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March 15, 2012

Science Picks Brackets, Part 2

Filed under: Basketball,NCAA — Tags: , , , — Willis @ 8:01 am

This is a continuation from yesterday’s post.

The Second Round

In this round we have 4 different groups of games. Again I’ll start with the easier ones.

1/8/9/16 – The 1 seed wins here 87% of the time. A 16 seed has never actually made it to this game so the remaining 13% is split between the couple of times that an 8 or 9 pulled off the upset. Only way I’d pick an upset here is if I were in a big pool and wanted to go with a high risk strategy.

2/7/10/15 – While this isn’t as cut and dry as the 1 seed games, the 2 seed moves on 65% of the time. If you’re looking for a 2 seed to fall, look at experience. This year Missouri is a 2 seed but they got a pretty new coach and they could go against Florida with Billy Donovan who’s taken his squad to the Elite 8 4 times. Other than that, go with #2.

4/5/12/13 – If for some reason you have a 12v13 match here, pick the 12 seed as they have a 8-1 record but if you want to dig deeper, pick the team with more experience in the tournament. If you have a 12/13 going against a 4/5 It’s not as cut and dry as the seed value may imply as, historically, this upset is relatively common. The most likely match-up is, of course, the 4v5. History doesn’t tell you too much with 4’s having a slight edge winning 52% of the time. I’d look at points per game and Pythagorean expectation here… and that makes me look at maybe New Mexico over Louisville, but it would be hard to pick against Pitino and his experience.

3/6/11/14 – If it’s 3v11 or 6v14 you should probably go with the 3/6 as they have won 72% of these past match-ups. The 3v6 game is where you need to spend some time. If I had to pick an upset here, I’d go with Cincinnati. Maybe you want to go against the crowd? Pick UNLV to upset Baylor, hell, pick them to take down the Blue Devils. No one likes Duke so it’s a feel good pick and if it happens, no one else in your pool made that pick.

On to the Sweet 16!

1 Seed Bracket – on average, three out of 4 top seeds will make it past this round. Remember that when you decide you want to take down a 1 seed. Which one of the 4 looks ripe for the picking this year? Syracuse. They’d most likely take on a very good Wisconsin team and they are down one of their better players. Then again, you could play the odds and just advance the 1 seed if you wanted to be a bit more low risk. 2 Seed Bracket – In general the 2 seed wins here (70%) but if it’s 2v3 then it’s more reasonable (62%). If you’re looking for a team other than the 2 seed to come out of this bracket, I’d say maybe Baylor (or maybe even UNLV) over Duke or, for even more madness, pick Florida over Marquette – It could happen.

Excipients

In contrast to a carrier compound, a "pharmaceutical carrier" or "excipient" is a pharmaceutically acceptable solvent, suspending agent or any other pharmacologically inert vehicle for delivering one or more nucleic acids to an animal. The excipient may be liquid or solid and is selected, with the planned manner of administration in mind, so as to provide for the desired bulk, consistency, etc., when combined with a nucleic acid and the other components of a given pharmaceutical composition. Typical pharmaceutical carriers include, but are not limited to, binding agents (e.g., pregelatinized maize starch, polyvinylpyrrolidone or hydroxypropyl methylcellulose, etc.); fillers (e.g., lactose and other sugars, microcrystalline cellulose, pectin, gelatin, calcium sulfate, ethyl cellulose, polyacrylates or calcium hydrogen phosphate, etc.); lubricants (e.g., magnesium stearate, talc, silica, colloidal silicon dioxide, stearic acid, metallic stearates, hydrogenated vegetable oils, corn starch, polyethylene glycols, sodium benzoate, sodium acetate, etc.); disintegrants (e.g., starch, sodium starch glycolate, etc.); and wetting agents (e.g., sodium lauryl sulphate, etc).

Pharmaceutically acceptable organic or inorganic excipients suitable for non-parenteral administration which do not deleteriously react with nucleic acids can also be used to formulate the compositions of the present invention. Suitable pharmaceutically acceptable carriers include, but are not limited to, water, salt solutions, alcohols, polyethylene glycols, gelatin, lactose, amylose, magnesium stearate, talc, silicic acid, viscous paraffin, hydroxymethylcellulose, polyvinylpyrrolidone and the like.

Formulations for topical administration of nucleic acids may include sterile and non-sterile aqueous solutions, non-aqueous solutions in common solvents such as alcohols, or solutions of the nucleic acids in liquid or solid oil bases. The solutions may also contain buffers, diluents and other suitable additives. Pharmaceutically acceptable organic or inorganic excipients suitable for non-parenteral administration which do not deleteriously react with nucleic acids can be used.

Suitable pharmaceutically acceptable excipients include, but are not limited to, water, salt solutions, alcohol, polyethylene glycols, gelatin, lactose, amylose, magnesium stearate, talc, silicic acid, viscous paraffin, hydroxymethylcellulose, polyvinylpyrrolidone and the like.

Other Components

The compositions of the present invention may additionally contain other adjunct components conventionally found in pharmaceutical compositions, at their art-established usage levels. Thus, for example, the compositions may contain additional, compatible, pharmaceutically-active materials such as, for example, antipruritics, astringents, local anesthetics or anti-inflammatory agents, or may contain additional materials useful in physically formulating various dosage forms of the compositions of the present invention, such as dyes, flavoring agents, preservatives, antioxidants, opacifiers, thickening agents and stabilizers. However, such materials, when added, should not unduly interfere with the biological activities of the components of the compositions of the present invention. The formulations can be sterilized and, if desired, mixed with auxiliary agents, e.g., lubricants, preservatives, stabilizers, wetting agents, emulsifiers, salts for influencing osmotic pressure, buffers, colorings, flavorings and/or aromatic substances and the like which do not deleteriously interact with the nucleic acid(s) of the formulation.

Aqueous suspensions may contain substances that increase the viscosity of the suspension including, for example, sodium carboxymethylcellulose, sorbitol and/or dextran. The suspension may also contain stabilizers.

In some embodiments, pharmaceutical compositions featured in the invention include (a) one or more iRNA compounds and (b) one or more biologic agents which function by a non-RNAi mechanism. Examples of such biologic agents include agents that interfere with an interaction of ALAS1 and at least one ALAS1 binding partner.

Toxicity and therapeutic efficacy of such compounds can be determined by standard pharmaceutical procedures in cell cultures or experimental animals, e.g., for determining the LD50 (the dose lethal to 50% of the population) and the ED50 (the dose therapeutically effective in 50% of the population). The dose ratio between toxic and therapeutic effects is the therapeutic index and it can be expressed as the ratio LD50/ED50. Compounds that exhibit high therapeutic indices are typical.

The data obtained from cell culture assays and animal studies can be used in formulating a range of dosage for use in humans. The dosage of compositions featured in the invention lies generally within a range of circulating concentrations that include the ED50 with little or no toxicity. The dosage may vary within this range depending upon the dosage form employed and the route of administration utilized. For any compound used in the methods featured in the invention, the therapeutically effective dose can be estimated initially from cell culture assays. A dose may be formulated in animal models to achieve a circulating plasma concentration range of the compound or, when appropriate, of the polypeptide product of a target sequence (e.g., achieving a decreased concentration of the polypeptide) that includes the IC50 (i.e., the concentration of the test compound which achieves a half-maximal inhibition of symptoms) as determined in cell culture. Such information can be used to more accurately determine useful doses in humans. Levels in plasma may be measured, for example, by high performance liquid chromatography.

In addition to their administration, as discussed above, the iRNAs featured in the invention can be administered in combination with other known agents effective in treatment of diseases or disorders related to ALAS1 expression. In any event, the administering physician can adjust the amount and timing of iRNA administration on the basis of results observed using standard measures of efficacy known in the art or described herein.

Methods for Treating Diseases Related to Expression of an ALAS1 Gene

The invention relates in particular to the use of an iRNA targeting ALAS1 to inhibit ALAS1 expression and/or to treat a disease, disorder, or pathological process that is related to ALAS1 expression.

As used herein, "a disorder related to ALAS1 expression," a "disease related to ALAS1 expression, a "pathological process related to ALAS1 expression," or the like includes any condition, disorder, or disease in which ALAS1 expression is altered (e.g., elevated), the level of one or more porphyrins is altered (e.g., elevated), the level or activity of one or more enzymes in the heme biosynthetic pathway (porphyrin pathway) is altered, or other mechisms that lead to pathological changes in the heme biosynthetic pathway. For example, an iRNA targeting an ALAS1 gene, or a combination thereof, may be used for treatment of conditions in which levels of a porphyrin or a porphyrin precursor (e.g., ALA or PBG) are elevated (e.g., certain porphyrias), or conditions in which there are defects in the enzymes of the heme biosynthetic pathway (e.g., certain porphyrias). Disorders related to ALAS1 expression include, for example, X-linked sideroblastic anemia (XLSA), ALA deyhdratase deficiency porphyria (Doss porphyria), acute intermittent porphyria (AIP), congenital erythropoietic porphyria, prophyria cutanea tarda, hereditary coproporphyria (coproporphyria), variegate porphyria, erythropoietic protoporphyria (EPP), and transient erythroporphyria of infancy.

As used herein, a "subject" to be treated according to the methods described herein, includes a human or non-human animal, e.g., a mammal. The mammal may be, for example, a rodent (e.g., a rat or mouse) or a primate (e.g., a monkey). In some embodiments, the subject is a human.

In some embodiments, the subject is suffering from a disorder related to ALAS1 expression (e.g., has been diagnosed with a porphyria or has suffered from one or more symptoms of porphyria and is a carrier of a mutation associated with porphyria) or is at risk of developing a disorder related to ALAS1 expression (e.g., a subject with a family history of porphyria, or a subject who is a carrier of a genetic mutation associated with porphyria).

Success in NCAA by Seed Chart

Elite 8!

Look at the blue lines in the above chart. You should probably keep your Final Four selections to that realm of possibility. Look at what 1 seeds look weakest (Syracuse) or look at the better 2/3/4 seeds (Ohio State, Kansas, Baylor, Wisconsin) and make you selections from them.

Chart: Cinderella Plot 2001-2011

The darker the color the larger the seed number. The lighter the graph the further the 1,2,3,4 seeds have gone.

Final Four!

Seeding can now be tossed out the window for the birds because that doesn’t matter anymore. Here’s where you pick the better teams for some other reason. Maybe you want to go by AP rankings? Kentucky (champion pick) over Missouri (because you have Missouri (3) over Michigan State (5) in the Elite 8) and Syracuse over North Carolina. Perhaps you want to go with Pythagorean expectation, that would be Kentucky (champion pick) over Michigan State and Ohio State over Kansas. Whatever you go with make sure that you have a road for a good…

Champion

Look at that chart above. 4 of the last 11 years it was a team that was not a 1 seed. Want to go back another 11 years? The 1 seeds won 68% of the time. That’s 2 out of every 3 years. So you want to win your pool? You should probably stick with a 1 seed. Perhaps go with North Carolina like President Obama:

I hope that this helps you, because it helped me make my decisions even though I went against the math a few times.

March 14, 2012

Bracketology: Science Picks Brackets

Filed under: Basketball,NCAA — Tags: , , , — Willis @ 9:49 am

There are hundreds of ways to go about picking your office pool brackets. You can go with your gut. You can go with the cooler mascot. You can go with whatever school has a higher seed and toss-ups based on a coin flip. Or you can be a giant nerd like myself and pour over a giant spreadsheet full of numbers trying to predict the future better than Miss Cleo. All of these strategies have merit and when it comes down to it, it’s still the future and we don’t know what will happen.